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Comfy Cars in which to Enjoy Traffic


We have already established in this issue that, thanks to the increased population and the construction being done on some of metro Denver’s major roads, traffic congestion will be a part of our lives for some time to come.?W

We’re going to be forced to sit in our cars, barely moving, for hours and hours of every month. It’s inevitable – we might as well get used to it. With that in mind, it’s worth considering how comfortable the car that we will spending so much time in is. From the heat and air con to the seats, from the sound system to the space – all of these factors and more affect how enjoyable our stand-still time in the vehicle can be. Here are some of our top picks.

Buick LaCrosse:

Buick knows how to make a comfortable car, and the LaCrosse, costing under $30,000, is a gem. The interior is spacious, the lightning is an ambient light blue, and the QuietTuning system blocks noise. Extras include a 384-watt Harman/Kardon sound system, eight-way power adjustable front seats and remote vehicle start.

Buick Lucerne:

While this car isn’t exactly dynamic and it has dated not-too-well, the seats are soft and the interior is quiet. For the price, it’s far from a bad car and, though old-fashioned, still looks great.

Chrysler 300:

It’s all in the poise. The design is such that you just feel like you’re sitting perfectly in this car. It’s a speedy vehicle too.

Chevrolet Impala:

Comfortable, a good size and the price is right. This car cruises on the open road, but will also serve you well when at a stand-still on a freeway.

Chevrolet Malibu:

Heated front seats, leather interior, bluetooth – the Malibu is packed with those little toys that can make all the difference.

Lexus LS:

This car’s high-tech system features like infrared sensors to monitor conditions in four separate zones of the car, then independently adjusts the temperature of the front and rear seats, the steering wheel, and the flow of air from the climate system to ensure optimum comfort levels throughout the vehicle.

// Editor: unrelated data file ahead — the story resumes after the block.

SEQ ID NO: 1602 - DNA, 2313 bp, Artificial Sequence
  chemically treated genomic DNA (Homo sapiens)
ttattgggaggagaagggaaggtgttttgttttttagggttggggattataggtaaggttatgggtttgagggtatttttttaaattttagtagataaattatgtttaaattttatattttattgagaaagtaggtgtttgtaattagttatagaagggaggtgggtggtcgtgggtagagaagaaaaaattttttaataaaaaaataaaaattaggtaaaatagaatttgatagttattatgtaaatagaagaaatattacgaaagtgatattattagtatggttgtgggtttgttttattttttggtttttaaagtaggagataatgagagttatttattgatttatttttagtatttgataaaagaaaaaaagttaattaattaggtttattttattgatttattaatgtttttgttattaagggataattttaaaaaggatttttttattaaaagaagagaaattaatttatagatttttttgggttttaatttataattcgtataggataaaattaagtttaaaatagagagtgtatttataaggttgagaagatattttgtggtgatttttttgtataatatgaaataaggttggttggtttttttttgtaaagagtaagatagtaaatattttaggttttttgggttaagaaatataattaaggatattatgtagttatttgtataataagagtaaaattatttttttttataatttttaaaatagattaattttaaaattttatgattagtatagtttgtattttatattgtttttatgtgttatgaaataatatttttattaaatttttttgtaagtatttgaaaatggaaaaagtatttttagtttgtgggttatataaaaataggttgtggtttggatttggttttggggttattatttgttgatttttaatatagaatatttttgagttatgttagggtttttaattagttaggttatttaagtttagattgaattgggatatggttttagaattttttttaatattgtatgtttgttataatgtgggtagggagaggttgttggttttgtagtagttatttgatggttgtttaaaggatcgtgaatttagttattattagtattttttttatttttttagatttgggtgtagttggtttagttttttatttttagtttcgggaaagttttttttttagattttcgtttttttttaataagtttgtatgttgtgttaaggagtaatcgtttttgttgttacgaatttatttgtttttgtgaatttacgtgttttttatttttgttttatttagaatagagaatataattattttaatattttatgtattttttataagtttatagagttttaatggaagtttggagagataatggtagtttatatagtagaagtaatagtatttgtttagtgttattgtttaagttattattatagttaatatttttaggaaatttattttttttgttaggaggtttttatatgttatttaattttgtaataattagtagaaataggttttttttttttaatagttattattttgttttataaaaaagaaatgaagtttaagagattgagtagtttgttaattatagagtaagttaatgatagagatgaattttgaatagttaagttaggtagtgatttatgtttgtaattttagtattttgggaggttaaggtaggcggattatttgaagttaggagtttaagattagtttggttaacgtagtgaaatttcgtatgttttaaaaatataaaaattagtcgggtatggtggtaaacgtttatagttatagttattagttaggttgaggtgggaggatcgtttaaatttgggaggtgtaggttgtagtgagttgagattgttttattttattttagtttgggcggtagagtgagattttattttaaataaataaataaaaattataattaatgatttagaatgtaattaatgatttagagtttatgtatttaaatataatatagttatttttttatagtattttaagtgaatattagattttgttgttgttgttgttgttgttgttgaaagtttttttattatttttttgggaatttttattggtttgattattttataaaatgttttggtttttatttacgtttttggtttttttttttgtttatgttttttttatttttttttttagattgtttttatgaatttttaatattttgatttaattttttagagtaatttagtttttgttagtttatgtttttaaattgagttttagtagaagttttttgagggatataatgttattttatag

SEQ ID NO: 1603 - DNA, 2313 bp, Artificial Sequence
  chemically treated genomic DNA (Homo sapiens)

Toyota Avalon:

With reclining rear seats, the Avalon offers a floaty feel that would be very nice when trapped in a fume-filled freeway.

Toyota Camry:

The suspension and soft seats make slow traffic tolerable, and the climate control could be a life-saver in a Colorado summer or extreme winter.

Audi A8 L W12:

Over at the high end, this car has a pair of 22-way power-adjustable seats that are heated, and ventilated, and offer a relaxing massage, and feature high-comfort headrests.

With the Executive Rear Seat Comfort package they offer a reclining passenger-side seat, with foot rest, in addition to seat ventilation, massaging functionality, their own comfort headrests, and a rear-seat DVD entertainment setup with dual 10-inch screens. Jeez.

Ford Taurus:

Roomy, sporty and equipped with techy treats like SYNC to make the use of cell phones safer and easier.

Hyundai Azera:

For a relatively unspectacular vehicle, the Azera’s interior is remarkably reminiscent of a limo. There can be no greated compliment than that.


Four-way lumbar support, BMW’s Active Head Restraints and two memory settings. Designed to provide added comfort on longer drives and creates an ongoing, barely noticeable up-and-down motion in the seat bottoms, “keeping your spine in motion and exercising various support muscles,” according to BMW.

Mercedes-Benz S Class:

This beauty comes with an “active perfuming system” that temporarily delivers a “discreet and mild” scent environment (which will quickly dissipate with no lasting traces). Let’s not forget the heated and cooled seats, improved air filtration, and, electrically heated armrests and center consoles. And while a number of vehicles here offer massage seats, the S Class raises ye olde bar with multiple massage programs that leverage 14 separately controlled air cushions, as well as the seats’ heating function, to introduce hot-stone-style massage to the auto industry – for front and rear seats.

Rolls Royce Phantom:

Cashmere wool to rear seating in which the back passengers are angled slightly toward each other, to create a lounge-like atmosphere. You have to feature a Rolls Royce in an article about comfortable cars.

Subaru Legacy:

Roomy and quiet, the Legacy also has super-comfortable seats.

Due to personal experience, we unfortunately can’t recommend the Dodge Dart to readers at this time…


Brett Calwood
Brett Callwood is an English journalist, copy writer, editor and author, currently living and working in Los Angeles. He is the music editor with the LA Weekly. He was previously a reporter at the Longmont Times-Call and Daily Camera, the music editor at the Detroit Metro Times and editor-in-chief at Yellow Scene magazine. https://en.wikipedia.org/wiki/Brett_Callwood

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